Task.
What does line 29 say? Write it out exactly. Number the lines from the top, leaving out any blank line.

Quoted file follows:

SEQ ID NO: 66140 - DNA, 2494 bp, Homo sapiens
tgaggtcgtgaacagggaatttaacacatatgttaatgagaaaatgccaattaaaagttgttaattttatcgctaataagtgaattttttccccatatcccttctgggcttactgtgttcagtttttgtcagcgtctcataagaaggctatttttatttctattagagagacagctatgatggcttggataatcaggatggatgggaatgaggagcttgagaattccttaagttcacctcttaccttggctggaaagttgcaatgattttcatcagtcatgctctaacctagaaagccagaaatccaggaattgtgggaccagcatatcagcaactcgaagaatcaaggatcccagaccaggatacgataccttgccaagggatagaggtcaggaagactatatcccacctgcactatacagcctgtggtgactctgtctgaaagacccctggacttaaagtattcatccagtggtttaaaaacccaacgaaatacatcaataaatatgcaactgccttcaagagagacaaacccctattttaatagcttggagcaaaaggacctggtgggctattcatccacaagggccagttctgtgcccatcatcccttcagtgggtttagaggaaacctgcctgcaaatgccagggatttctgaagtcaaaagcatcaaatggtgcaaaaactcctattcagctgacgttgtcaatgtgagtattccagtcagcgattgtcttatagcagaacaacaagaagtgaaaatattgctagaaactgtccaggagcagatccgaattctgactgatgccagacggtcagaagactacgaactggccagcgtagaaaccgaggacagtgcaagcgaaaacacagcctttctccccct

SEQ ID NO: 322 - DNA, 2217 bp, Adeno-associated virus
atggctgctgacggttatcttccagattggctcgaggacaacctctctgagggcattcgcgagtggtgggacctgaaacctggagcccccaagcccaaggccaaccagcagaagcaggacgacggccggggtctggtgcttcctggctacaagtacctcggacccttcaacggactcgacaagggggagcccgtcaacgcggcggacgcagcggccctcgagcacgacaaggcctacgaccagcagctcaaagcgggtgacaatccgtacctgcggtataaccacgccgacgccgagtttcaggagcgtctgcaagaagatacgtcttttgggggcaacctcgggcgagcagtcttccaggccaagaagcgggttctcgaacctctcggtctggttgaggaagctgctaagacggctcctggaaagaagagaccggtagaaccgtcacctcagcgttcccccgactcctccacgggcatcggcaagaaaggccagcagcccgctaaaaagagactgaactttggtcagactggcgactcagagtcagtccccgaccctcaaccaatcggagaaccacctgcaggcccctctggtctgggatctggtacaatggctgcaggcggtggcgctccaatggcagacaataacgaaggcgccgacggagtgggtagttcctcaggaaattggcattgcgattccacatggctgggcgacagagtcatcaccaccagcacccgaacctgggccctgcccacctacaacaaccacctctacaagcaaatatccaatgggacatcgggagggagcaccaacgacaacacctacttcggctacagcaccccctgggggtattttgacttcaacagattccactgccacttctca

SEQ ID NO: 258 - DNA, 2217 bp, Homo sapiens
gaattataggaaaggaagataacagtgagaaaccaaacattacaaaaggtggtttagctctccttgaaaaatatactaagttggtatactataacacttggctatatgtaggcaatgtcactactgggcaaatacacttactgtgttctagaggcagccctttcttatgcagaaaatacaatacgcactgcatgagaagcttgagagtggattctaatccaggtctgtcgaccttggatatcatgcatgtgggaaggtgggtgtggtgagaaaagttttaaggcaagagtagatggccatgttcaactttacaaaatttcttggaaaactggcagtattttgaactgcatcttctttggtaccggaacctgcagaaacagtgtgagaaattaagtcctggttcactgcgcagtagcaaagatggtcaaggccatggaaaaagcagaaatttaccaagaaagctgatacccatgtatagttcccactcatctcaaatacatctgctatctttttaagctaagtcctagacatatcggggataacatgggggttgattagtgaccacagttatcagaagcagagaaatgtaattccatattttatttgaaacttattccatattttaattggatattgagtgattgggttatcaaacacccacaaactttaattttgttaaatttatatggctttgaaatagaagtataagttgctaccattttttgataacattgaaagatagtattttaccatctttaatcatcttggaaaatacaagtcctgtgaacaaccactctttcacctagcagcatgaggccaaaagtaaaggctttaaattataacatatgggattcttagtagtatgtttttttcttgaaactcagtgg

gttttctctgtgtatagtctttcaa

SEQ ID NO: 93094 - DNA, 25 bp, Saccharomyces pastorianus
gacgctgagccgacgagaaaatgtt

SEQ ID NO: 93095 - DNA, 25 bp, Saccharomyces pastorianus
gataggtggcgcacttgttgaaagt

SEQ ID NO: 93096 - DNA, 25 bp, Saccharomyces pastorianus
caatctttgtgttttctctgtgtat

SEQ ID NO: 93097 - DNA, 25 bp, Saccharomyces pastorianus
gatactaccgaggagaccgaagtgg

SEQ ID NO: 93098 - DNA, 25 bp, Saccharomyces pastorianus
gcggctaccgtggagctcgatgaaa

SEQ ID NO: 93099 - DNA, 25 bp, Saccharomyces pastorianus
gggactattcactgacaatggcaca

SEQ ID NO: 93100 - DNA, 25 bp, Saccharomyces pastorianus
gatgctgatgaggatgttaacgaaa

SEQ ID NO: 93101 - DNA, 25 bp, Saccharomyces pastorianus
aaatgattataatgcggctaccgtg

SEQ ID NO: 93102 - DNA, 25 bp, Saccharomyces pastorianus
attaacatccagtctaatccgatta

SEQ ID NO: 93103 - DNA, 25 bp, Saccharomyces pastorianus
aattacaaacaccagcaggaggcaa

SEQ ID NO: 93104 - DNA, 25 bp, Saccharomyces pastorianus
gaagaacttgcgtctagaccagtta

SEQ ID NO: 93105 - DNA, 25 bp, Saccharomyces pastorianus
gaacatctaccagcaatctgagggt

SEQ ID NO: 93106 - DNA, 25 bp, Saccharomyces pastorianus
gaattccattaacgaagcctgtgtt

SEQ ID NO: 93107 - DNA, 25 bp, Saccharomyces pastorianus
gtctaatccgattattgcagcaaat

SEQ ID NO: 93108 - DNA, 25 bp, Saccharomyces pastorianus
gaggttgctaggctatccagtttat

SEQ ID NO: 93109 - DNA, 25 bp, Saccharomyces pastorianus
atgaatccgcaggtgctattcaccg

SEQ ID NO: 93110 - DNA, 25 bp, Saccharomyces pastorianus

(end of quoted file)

gaagaacttgcgtctagaccagtta